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Archive for the tag “novel”

Happy Birthday Abe!

Abraham Lincoln’s Birthday February 12

On this day in 1809, Abraham Lincoln was born in Hodgenville, Kentucky.

Today we celebrate the birthday of one of America’s most admired presidents, Abraham Lincoln. Lincoln was born into a poor family in Kentucky.
Lincoln was the tallest president at 6′ 4 with record physical strength. He was a formidable wrestler in Illinois. Lincoln went on to become infamous for his dry humor and wit. After frustrating defeat after another Lincoln reportedly wrote to a general “if you are not using the army I should like to borrow it for awhile.” Lincoln was also an avid animal lover throughout his lifetime once saying “I care not for a man’s religion whose dog and cat are not the better for it.”

He attended school for only one year, but even as a child Abraham was a voracious reader constantly striving to improve is mind. As an adult, he lived in Illinois bouncing from job to job before entering politics. Many people are unaware of the fact that Lincoln didn’t begin his journey in politics. Abraham Lincoln, our 16th president, was also a postmaster, surveyor and shopkeeper. After this small chapter in his life Lincoln went on to pursue politics.

Before the presidency Lincoln served in the Illinois legislature from 1834 to 1836, and then became an attorney. In 1842, Lincoln married Mary Todd; and had four sons. Lincoln returned to politics during the 1850s, when disagreements over slavery began to escalate. Lincoln proposed a restriction of slavery to the states where it existed. As president on January 1, 1863, he issued the Emancipation Proclamation that declared forever free those slaves within the Confederacy.


For Civil War Enthusiasts….

Upcoming Civil War titles:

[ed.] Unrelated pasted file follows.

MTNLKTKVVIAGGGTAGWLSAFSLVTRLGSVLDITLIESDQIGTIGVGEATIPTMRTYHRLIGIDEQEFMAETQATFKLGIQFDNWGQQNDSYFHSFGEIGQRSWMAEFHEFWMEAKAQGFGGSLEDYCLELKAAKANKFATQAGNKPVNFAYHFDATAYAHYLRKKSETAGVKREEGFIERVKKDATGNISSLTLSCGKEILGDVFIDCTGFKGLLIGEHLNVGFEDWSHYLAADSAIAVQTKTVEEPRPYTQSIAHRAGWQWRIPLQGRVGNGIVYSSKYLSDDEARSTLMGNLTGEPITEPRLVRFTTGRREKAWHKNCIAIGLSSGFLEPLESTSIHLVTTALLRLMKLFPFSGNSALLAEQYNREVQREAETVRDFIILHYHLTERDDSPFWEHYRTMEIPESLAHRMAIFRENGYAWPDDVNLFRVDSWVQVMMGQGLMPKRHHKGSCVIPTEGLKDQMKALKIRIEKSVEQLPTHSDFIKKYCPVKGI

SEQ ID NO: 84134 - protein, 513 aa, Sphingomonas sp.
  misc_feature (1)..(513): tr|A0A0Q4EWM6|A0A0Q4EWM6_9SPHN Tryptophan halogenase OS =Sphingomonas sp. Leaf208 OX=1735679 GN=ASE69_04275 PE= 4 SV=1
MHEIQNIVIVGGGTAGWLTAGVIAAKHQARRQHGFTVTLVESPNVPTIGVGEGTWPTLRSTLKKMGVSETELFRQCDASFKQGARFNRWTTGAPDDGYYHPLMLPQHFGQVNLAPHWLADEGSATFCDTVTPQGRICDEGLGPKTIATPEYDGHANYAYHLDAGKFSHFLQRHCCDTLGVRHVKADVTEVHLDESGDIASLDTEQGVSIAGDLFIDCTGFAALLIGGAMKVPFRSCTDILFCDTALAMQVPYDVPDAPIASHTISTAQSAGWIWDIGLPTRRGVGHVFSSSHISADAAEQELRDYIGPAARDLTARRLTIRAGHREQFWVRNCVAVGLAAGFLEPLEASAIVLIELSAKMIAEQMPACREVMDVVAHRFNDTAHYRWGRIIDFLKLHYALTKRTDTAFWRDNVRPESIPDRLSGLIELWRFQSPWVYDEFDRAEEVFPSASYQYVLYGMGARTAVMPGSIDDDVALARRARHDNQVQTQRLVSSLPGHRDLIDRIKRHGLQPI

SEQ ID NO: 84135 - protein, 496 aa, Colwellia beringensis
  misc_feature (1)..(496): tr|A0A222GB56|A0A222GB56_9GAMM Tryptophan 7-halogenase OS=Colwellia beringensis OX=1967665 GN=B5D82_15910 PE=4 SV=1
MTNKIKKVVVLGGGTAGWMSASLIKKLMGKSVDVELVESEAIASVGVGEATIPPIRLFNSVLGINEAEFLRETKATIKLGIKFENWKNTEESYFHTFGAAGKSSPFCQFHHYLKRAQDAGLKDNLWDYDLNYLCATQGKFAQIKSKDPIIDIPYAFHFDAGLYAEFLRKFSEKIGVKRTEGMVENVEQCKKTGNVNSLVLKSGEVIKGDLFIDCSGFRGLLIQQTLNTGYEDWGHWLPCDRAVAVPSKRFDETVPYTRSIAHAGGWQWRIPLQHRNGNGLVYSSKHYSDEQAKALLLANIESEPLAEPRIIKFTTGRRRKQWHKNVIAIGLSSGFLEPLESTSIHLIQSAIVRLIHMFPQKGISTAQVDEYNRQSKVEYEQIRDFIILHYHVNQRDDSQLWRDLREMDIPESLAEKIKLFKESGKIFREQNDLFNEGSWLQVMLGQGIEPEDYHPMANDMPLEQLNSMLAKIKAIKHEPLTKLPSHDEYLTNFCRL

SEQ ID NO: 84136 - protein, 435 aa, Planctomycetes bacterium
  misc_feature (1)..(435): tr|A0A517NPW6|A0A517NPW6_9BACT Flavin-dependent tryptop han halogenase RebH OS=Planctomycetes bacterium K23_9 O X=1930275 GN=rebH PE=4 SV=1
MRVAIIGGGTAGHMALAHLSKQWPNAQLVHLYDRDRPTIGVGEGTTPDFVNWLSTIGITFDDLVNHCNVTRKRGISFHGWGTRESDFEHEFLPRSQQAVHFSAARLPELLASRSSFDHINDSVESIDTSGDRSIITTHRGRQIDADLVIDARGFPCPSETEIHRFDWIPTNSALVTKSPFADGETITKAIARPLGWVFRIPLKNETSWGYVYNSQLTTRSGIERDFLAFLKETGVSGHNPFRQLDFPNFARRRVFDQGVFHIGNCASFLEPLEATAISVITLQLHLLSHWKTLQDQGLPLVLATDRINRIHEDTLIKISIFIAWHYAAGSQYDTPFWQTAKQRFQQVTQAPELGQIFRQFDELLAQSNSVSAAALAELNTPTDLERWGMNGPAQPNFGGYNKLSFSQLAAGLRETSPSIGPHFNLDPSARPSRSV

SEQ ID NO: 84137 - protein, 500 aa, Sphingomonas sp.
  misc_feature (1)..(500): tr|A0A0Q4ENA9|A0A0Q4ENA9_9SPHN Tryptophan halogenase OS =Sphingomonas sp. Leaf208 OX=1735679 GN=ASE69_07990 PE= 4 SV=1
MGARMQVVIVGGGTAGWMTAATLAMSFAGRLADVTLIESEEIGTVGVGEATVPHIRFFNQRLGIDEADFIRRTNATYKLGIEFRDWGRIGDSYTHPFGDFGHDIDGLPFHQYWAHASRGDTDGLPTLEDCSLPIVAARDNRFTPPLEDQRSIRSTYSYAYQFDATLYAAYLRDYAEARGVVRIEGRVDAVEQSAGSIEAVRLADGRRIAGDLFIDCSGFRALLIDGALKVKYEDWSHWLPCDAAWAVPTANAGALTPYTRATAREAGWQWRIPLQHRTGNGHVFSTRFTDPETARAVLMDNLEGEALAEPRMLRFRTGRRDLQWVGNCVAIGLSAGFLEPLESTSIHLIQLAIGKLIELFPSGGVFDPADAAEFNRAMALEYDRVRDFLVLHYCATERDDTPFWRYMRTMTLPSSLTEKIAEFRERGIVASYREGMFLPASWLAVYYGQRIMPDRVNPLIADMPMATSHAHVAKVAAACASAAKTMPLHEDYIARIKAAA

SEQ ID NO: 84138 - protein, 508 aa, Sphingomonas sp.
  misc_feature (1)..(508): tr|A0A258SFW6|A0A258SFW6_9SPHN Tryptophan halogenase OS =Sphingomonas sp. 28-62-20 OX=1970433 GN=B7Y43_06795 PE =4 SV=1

A Just and Holy Cause?

Cracking the Solid South:The Life of John Fletcher Hanson, Father of Georgia Tech

Summon Only the Brave!: Commanders, Soldiers, and Chaplains at Gettysburg

Confederate Sharpshooter Major William E. Simmons: Through the War with the 16th Georgia Infantry and 3rd Battalion Georgia Sharpshooters


A “Glimmer” of Insight from Marly Youmans

Ariadne’s Thread

In her working years, my mother was a university librarian, but now she has retired to a world of garden, birds, books, and weaving. If I glance at her loom, I find that some things are always plain and simple: warp, weft, shuttle, ‘shed,’ reed, and beater. But as time passes, what is wound on the cloth beam changes. When she removes the cloth, I may find shawls and table runners and the most absurdly beautiful hand towels—it’s all a surprise. Patterns may vary wildly; there are infinite variations. The constants are tension, materials, and one person’s distinct sense of color and design.

It’s that way in many of the arts. The self (however much in flux it might be) and the tools are the constant warp, and the weft of art dances its dance among the threads.

Sometimes I am asked why I write in what people regard as different modes, some called “realistic” and some “fantastic.” Perhaps these variations are my changing weft. But I do not feel them as profoundly different activities. To me, there is nothing but the pouring-out and a dreaming toward shapeliness, and that’s true whether we’re talking about one of my novels or one of my recent books of poetry (The Throne of Psyche, The Foliate Head, and Thaliad.)

As for “realism,” I find that in some fundamental way, I do not believe in it. All stories and songs are made things. If they could be exactly like what we call reality, they would be reality—and what could be more fabulous and strange and impossible than that?

Given the way books are discussed in our time, it’s possible to say that my A Death at the White Camellia Orphanage is a realistic narrative about a Depression-era’s orphan’s struggle to find his place, or that Glimmerglass is a search that takes place in a solid, realistic world but does the fantastic thing of taking the muse as a possible, literal figure—and at one point borrows from the ancient form of the somnium, or dream vision. But I would not reach for genre terms to describe either of them. For me, books are on a kind of thread or continuum, moving from one way of telling the truth to another. All that matters to me is whether they are good books or not.

All art is created, shaped, dreamed into existence. What matters is not genre or categorization but the extent to which a fabric made of words—the warp and weft making up a kind of little maze—contains an Ariadne’s thread of energy that leads to larger life.